The original museum building in Chapel Street was donated to the people of Kimberley by Mrs Margaret McGregor in 1907, in memory of her late husband, Alexander McGregor, a diamond pioneer and mayor of Kimberley in 1886.
Designed by F Carstairs Rogers, this attractive brick building with its intricate façade conforms closely to British norms for public buildings during the Victorian and Edwardian eras.
With its neighbours, the Methodist Church and Manse, it forms one of the very few remaining urban groupings from Kimberley’s past. Achille Bocciarelli, an Italian sculptor and owner of local brickworks, sculpted the two reclining female figures on the pediment.
Miss Maria Wilman was appointed as the first curator of the museum in 1908. During the nearly forty years that she was in charge of the museum, she developed it into one of the most important in South Africa. Her fields of interest, in which she laid the foundations of the present museum collections, were Botany, Mineralogy, Ethnology and Archaeology.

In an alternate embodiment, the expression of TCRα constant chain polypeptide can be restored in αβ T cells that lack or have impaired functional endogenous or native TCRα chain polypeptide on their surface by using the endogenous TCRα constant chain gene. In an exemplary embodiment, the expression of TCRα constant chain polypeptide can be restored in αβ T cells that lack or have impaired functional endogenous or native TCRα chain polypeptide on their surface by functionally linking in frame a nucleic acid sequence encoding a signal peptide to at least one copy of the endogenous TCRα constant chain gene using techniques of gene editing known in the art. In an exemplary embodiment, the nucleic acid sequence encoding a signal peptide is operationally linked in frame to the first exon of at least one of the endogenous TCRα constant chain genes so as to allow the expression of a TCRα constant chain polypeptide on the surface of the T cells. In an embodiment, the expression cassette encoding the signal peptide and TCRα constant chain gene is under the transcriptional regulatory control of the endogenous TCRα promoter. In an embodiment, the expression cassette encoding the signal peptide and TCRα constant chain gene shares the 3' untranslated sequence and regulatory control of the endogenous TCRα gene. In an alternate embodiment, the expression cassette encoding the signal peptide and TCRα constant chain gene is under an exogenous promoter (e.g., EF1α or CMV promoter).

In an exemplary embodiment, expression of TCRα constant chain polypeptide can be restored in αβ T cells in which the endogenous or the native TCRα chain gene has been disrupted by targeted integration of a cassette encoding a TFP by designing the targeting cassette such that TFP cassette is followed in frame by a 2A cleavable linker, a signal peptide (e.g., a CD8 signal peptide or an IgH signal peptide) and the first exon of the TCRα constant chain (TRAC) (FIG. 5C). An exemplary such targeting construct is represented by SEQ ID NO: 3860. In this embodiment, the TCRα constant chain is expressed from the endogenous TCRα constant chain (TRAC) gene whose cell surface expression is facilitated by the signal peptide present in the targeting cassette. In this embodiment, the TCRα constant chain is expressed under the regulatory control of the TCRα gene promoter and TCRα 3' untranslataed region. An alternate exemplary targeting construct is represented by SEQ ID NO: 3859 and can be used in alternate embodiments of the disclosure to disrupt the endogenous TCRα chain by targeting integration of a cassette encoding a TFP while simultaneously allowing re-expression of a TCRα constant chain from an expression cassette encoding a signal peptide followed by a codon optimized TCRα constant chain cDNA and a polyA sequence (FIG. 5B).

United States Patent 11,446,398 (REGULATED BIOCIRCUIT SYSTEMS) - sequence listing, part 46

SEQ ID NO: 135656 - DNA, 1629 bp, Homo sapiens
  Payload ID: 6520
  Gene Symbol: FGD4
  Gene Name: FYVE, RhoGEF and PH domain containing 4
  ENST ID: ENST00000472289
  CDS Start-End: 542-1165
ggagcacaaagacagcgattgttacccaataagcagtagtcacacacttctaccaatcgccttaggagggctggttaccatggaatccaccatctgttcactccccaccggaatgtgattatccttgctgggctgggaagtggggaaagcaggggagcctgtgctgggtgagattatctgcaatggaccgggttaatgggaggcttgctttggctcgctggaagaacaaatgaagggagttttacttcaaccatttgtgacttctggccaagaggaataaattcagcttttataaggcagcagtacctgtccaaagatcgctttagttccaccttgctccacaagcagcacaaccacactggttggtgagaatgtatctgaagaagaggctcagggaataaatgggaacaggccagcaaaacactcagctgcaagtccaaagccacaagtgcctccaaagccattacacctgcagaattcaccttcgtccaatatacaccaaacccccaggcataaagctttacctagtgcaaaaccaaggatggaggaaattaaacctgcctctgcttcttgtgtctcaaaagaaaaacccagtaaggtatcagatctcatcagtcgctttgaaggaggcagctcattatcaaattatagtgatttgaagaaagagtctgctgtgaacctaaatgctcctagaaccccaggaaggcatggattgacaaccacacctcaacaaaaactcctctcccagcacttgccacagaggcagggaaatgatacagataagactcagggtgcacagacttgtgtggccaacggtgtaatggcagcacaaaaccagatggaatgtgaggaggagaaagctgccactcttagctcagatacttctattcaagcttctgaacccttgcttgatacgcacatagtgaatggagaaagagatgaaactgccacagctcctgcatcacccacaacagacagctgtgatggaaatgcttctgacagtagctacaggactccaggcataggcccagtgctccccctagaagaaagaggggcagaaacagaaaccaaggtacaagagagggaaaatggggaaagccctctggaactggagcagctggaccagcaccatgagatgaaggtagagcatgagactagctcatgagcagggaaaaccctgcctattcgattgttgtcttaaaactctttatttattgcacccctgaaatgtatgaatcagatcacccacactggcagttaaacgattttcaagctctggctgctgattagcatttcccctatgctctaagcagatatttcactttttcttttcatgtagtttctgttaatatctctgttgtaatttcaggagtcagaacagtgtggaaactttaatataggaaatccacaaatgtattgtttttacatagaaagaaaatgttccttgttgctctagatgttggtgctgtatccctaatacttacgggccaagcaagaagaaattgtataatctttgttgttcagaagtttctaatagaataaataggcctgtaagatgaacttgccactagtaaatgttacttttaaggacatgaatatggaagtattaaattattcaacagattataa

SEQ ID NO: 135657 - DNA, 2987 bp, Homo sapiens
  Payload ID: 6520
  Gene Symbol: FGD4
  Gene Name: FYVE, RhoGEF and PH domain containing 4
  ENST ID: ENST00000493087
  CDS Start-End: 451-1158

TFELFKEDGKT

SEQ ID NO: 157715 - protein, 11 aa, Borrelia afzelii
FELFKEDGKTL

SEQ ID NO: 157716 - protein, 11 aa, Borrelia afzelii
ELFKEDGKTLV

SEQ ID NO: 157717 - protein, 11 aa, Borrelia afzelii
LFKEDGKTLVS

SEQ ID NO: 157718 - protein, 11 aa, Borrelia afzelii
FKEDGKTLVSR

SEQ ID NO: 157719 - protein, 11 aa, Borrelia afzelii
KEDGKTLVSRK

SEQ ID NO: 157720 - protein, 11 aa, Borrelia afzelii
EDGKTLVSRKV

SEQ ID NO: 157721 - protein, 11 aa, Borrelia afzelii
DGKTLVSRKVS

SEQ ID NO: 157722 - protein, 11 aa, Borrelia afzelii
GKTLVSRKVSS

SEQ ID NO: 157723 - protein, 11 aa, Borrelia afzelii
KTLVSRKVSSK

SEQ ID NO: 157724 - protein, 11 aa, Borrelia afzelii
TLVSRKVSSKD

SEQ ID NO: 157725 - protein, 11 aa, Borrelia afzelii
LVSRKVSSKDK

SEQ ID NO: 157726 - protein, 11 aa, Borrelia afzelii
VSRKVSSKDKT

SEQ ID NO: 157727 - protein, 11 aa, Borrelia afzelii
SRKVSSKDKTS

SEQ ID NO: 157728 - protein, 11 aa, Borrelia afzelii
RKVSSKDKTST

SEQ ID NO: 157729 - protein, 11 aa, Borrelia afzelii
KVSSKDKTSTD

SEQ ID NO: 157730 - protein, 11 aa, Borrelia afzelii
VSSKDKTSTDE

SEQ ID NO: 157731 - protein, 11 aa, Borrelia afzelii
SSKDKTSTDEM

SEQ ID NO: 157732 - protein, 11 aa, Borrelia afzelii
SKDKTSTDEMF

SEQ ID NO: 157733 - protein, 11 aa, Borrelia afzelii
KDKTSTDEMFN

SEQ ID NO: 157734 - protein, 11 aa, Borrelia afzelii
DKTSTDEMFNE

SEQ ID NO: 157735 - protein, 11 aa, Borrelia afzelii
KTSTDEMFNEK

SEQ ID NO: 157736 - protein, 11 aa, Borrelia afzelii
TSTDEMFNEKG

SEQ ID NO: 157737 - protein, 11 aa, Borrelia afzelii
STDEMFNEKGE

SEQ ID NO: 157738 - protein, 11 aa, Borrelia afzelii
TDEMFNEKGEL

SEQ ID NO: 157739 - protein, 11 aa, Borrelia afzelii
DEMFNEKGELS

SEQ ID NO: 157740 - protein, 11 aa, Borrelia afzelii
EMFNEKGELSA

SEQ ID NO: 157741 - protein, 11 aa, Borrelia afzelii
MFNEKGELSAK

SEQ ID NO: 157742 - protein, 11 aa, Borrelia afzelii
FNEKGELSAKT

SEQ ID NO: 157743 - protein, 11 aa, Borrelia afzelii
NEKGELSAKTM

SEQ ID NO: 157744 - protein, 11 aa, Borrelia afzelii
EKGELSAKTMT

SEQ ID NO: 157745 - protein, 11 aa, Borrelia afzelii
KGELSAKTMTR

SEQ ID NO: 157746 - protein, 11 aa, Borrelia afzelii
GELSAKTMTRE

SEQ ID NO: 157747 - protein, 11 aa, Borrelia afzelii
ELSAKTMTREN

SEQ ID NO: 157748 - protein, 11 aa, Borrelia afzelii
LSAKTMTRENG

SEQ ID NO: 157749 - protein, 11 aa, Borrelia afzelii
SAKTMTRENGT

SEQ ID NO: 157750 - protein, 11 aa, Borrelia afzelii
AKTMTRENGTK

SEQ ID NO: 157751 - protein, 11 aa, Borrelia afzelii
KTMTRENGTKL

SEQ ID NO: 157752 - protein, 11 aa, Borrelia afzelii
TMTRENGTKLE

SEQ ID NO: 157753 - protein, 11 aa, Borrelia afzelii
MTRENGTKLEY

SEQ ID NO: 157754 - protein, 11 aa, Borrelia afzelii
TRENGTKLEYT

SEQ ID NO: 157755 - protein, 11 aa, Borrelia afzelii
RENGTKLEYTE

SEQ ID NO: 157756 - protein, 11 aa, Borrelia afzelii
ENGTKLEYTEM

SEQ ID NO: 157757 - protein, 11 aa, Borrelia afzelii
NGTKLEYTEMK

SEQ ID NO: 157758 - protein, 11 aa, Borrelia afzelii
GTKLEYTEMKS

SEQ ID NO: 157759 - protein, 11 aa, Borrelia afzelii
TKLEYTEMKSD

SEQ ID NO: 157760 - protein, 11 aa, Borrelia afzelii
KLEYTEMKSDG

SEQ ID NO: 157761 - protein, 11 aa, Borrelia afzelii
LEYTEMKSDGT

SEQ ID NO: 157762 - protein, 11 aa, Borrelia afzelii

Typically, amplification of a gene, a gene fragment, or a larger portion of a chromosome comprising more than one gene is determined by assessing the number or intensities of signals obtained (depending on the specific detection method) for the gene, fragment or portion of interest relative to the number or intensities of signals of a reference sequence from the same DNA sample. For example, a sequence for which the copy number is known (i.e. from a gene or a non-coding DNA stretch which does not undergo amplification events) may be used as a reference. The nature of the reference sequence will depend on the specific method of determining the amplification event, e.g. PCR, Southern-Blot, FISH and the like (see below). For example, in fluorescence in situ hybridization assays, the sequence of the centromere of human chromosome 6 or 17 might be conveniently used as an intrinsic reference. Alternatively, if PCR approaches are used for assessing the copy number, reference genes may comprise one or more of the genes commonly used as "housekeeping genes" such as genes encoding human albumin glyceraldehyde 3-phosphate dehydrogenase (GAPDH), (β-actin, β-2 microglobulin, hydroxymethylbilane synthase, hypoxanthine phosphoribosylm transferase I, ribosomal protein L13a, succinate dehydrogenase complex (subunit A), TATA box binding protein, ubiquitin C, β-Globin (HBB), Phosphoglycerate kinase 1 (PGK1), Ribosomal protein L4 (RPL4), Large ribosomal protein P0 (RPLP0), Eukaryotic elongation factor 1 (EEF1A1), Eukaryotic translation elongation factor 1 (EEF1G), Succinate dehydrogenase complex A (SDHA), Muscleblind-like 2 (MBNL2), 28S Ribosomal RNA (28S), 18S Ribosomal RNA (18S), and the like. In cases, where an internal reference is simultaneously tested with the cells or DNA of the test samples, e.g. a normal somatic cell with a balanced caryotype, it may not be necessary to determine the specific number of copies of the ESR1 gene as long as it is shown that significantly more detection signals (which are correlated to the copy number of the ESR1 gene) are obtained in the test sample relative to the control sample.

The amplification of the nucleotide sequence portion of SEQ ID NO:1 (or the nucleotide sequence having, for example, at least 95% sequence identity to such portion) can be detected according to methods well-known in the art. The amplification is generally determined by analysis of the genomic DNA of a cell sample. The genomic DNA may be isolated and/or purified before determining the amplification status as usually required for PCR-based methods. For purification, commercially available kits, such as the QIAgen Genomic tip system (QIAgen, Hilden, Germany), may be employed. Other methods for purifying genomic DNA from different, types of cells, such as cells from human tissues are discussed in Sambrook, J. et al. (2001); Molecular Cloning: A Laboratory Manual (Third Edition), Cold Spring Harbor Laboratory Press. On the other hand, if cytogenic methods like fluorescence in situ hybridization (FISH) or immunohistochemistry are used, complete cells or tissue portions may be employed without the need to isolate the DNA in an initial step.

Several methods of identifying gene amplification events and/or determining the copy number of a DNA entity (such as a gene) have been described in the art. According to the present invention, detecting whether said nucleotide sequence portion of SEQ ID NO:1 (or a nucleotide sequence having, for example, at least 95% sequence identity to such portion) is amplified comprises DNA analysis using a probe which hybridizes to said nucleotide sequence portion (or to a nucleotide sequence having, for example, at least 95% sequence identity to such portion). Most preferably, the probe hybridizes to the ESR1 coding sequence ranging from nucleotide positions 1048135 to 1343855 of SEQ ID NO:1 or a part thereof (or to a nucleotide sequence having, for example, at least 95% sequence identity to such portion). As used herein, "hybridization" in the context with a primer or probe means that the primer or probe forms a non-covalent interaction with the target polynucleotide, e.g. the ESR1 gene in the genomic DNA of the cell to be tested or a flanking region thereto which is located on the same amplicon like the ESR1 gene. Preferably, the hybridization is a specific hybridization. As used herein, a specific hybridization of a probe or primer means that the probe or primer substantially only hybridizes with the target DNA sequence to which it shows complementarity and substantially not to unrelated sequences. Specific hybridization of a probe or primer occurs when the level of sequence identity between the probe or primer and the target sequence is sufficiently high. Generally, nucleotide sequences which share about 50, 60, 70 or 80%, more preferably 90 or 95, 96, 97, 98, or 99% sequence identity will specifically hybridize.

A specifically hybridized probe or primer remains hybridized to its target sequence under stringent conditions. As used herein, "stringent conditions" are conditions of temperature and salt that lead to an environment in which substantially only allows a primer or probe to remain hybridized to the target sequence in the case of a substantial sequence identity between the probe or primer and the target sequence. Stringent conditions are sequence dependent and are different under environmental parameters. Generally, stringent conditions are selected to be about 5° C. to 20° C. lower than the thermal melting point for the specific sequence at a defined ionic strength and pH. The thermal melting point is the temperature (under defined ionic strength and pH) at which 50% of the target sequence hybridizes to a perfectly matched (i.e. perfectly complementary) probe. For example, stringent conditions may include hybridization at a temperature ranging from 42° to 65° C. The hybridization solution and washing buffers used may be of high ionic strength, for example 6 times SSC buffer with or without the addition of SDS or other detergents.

In 1957 the increasing size of the collections necessitated a move to larger premises in the Chapwood Building across the street. By the late 1960s shortage of space was a real problem. Plans for a new museum building were already completed when the Kimberley Sanatorium, a historical Kimberley building, became available for such a purpose. The museum staff and collections moved to these new premises in 1973.